And how do you explain that you made up your mind that you would not ever date?
Two years later I would figure out what gay was, what lesbianism was and that the whole time I was growing up someone was taking bets on when I would come out. But I didn't know anything about anything except that I had to train myself not to want relationships so that being around people was easier. A decade later I would find out that there is a psychological phenomenon called asexuality which boiled in to its most essential description is a being uninterested in sex for the sake of sex or for human connection. I simply was not going to be capable of a fully adult relationship until well into my 30s. And it would only ever be with guys because for the most part.... I can't stand my own gender. But it would still take 20 years for me to figure that out.
But how do you explain something you don't know about?
I chose to blame it on my parents. The no dating until you are 16 would only put the question off for two years. But then things may have changed enough that revisiting the question might have yielded either a different set of results or some clarity.
I didn't have two years. Within a few days of the discussion Dennis had passed. A damaged chimney flue built up dangerous levels of gas in his basement bedroom and he died in his sleep. We came to school Monday morning to the news. It almost killed nearly everyone in his class to say goodbye. It almost killed me. The guilt was incredible. He never did officially ask me out, only talked the what if. And it was natural causes, or an act of God type of a situation, so it isn't like he took his own life. My head knew that. But my heart and that sadistic thing in my head that likes to blame me for everything and twist reality to make me hate being here myself knew something different. Shelly kept telling me that I didn't do anything wrong. That it was an accident. But I didn't want to believe that. Some days, even now, I don't want to believe that.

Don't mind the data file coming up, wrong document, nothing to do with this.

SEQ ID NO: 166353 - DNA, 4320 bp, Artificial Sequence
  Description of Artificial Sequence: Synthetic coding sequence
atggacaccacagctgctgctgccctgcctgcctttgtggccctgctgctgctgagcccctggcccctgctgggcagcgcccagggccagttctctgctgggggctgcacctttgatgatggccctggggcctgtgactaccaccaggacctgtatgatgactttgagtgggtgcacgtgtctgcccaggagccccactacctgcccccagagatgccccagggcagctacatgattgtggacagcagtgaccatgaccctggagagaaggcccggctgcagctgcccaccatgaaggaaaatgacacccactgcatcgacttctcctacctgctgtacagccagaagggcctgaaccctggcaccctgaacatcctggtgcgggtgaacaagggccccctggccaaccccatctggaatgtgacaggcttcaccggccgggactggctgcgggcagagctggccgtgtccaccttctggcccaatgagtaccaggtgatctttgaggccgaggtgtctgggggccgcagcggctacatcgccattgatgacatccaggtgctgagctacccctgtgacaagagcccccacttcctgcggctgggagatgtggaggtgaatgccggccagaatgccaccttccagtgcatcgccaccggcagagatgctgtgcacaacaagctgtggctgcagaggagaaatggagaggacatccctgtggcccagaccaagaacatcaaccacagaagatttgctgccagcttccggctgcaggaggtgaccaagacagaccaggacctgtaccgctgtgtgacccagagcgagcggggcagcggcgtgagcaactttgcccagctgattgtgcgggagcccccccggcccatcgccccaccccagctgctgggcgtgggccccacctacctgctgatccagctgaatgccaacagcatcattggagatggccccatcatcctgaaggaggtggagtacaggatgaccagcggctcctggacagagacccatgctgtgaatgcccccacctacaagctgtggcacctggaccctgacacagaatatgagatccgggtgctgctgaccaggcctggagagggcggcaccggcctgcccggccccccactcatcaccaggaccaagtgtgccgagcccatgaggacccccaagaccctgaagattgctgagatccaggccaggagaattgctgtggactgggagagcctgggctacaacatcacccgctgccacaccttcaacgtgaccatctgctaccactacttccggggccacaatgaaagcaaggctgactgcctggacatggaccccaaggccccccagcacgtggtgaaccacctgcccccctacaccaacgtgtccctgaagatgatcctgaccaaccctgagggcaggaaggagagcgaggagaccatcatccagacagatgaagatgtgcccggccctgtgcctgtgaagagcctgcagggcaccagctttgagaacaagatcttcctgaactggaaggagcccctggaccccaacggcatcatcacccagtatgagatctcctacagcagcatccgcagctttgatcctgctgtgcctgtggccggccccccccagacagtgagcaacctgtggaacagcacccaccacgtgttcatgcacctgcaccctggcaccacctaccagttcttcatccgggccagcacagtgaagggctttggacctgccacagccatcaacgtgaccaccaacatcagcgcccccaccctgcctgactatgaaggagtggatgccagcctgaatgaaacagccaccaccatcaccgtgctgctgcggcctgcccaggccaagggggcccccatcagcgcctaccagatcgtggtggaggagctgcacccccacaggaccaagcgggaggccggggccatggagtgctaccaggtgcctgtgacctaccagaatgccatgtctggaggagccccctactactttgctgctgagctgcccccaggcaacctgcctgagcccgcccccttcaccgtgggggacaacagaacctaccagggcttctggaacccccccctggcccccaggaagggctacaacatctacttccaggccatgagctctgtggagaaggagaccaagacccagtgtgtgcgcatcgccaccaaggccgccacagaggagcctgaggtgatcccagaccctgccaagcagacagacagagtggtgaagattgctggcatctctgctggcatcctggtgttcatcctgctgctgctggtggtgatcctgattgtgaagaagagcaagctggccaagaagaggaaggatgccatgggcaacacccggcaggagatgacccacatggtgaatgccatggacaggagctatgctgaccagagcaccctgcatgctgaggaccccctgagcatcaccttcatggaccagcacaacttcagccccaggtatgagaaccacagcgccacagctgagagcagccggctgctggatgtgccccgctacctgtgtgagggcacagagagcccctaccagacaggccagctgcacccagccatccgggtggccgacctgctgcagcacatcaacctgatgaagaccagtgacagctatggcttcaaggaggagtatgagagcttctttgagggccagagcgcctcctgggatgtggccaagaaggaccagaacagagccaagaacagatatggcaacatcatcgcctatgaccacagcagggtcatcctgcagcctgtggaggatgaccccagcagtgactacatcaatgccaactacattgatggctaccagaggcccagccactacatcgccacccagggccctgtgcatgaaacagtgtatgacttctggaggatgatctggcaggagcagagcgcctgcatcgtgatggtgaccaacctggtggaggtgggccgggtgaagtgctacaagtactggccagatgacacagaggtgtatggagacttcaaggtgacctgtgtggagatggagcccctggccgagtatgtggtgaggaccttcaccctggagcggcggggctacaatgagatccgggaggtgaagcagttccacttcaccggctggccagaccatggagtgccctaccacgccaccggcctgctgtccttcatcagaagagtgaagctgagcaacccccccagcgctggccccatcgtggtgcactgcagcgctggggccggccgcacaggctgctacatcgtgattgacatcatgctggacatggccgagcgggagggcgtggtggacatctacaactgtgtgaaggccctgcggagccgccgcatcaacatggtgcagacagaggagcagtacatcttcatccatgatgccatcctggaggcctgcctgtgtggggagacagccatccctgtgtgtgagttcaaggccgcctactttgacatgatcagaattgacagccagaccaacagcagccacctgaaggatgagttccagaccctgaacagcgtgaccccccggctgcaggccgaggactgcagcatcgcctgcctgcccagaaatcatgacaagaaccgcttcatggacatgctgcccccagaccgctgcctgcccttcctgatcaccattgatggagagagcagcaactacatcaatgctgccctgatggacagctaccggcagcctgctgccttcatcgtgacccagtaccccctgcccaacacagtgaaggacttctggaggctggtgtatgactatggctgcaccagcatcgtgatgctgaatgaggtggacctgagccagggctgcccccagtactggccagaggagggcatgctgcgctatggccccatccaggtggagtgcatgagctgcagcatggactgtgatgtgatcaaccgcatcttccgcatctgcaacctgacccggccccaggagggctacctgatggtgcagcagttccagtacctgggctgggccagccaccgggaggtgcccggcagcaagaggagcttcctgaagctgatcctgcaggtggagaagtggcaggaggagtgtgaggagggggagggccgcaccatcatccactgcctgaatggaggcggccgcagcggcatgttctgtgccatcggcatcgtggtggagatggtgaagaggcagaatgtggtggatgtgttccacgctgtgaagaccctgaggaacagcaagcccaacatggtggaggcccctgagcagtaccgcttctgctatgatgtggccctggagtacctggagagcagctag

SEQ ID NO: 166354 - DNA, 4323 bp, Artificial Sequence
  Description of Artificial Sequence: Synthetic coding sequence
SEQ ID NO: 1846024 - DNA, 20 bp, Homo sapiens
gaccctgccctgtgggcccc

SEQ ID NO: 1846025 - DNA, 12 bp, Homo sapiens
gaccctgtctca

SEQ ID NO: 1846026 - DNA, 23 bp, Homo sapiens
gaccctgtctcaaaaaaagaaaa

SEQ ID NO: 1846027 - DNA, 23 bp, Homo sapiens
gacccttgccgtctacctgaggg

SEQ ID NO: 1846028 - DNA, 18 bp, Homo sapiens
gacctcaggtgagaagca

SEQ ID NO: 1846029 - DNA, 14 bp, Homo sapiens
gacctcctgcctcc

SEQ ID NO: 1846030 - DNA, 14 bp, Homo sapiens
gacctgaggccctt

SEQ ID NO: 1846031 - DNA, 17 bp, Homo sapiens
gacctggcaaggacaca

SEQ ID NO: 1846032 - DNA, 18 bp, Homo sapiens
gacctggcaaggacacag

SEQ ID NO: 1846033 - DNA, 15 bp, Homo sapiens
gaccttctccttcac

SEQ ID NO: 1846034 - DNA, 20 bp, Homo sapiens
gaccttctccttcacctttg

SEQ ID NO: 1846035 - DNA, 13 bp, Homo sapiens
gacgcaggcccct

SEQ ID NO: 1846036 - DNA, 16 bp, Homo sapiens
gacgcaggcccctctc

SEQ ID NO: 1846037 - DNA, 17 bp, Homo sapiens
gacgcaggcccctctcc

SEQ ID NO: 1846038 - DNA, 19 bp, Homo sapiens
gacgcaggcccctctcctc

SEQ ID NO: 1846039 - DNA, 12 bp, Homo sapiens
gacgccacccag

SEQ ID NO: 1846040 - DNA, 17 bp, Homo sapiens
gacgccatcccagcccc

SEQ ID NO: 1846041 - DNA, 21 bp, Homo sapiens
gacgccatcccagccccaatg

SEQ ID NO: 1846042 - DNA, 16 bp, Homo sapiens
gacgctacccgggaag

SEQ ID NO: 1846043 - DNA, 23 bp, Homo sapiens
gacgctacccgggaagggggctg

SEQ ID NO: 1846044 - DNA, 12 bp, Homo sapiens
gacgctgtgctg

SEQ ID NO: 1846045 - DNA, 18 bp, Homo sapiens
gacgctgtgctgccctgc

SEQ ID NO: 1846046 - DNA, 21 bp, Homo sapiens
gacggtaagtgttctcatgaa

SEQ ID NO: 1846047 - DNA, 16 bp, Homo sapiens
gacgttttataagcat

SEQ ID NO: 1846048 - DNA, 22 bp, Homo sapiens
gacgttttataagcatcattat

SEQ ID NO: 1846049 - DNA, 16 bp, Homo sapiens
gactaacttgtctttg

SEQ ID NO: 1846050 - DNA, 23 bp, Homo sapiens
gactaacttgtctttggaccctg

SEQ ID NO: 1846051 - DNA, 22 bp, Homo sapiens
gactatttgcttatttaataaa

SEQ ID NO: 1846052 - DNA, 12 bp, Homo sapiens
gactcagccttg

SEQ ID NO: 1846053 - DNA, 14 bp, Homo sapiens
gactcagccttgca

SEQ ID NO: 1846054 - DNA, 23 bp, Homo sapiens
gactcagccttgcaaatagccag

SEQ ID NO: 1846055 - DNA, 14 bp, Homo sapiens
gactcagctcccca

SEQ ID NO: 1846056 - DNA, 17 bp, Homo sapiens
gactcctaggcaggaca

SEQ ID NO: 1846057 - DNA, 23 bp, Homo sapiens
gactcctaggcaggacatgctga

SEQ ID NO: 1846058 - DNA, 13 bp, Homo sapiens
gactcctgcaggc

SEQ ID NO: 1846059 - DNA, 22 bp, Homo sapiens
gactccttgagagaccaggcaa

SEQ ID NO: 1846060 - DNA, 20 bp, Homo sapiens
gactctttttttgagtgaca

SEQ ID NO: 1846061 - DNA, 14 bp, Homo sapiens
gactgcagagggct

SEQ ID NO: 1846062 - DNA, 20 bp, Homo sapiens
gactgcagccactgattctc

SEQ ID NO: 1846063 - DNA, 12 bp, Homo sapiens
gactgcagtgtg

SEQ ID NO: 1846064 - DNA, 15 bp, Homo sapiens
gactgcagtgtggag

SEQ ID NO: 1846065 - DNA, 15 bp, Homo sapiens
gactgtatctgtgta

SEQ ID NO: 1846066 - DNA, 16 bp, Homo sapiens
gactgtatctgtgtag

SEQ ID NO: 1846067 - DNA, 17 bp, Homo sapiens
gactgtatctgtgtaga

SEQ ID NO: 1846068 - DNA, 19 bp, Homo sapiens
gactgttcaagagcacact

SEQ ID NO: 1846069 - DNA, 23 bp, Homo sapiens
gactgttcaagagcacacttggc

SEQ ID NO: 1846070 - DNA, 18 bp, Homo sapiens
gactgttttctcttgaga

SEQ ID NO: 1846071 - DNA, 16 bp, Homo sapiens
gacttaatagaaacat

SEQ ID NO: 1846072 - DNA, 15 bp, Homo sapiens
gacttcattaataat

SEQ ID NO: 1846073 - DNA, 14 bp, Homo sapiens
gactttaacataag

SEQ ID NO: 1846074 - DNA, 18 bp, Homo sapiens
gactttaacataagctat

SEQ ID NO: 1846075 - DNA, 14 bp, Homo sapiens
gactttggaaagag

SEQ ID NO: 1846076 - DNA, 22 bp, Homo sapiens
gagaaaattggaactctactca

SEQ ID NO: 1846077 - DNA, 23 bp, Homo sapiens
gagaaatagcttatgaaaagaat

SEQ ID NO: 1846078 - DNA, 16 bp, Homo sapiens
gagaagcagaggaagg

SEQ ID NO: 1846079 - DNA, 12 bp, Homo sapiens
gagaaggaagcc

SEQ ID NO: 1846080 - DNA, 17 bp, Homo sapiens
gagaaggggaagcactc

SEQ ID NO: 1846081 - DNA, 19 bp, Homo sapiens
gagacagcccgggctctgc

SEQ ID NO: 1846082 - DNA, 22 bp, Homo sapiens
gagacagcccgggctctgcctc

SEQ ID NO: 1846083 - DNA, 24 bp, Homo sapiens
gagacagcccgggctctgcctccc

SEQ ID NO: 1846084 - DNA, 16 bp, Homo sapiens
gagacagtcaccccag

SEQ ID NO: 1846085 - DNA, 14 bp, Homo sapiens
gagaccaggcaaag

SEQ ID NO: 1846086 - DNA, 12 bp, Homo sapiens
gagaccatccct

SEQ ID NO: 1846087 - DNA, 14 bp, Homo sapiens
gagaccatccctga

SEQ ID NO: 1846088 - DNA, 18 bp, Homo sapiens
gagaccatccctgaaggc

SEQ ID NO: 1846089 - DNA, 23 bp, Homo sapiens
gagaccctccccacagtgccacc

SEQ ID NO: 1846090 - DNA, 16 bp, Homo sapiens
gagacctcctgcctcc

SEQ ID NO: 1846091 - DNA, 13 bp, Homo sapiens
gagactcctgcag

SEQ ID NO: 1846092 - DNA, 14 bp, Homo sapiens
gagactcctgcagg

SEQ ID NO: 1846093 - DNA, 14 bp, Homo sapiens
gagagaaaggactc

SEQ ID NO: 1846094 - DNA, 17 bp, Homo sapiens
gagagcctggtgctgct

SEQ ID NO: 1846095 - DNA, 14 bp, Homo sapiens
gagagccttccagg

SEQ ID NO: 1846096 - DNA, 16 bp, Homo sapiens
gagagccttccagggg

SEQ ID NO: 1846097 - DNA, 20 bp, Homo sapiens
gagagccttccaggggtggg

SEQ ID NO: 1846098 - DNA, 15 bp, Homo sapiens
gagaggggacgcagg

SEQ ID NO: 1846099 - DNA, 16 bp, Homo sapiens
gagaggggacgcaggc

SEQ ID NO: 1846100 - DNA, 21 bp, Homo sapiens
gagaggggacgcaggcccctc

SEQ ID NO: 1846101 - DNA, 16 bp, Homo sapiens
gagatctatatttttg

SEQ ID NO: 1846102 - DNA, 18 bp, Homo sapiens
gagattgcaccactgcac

It's been 28 years since Dennis passed. 28 years since I was last in the Covell Funeral Home and felt the plush red carpet soften the footfalls of mourning visitors. 28 years since that song brought a school to tears. For 28 years I've avoided the song. I change the radio station or don't listen to the radio at all anymore. For 28 years I've been able to avoid the song successfully with only a few fails. Last night the Avoid Fail was Epic.
As soon as the last group left the stage the BF and I bolted. He to avoid traffic. Me to avoid the odd stares from people applying poor deduction skills to the anomaly of a woman crying her eyes out after a wonderfully less than dramatic performance. On the way out the door Laura's group was gathering for the receiving line. Laura gave me one of her big bear hugs and I remembered she was one of the first people to hug me at Dennis' funeral too. After we got back to my house I explained the whole sordid thing to my BF and got a wonderful amount of support.
It may have taken me a long time to figure out how I felt about boys, dating, human interaction period. But I am glad that when I did figure it out this one was there. Of course it helps that we have a common background. 25 years ago we were Seniors in the same school. He was 3 years after Dennis and while Dennis was never forgotten, he wasn't explained to the newbies either. I think in some way, his lost became a special gem that each person protected in memory the way many of us failed to in real life during the time that we had him. And that is perhaps why that song can kill so many of us each time we hear it.
And it will for the rest of our lives.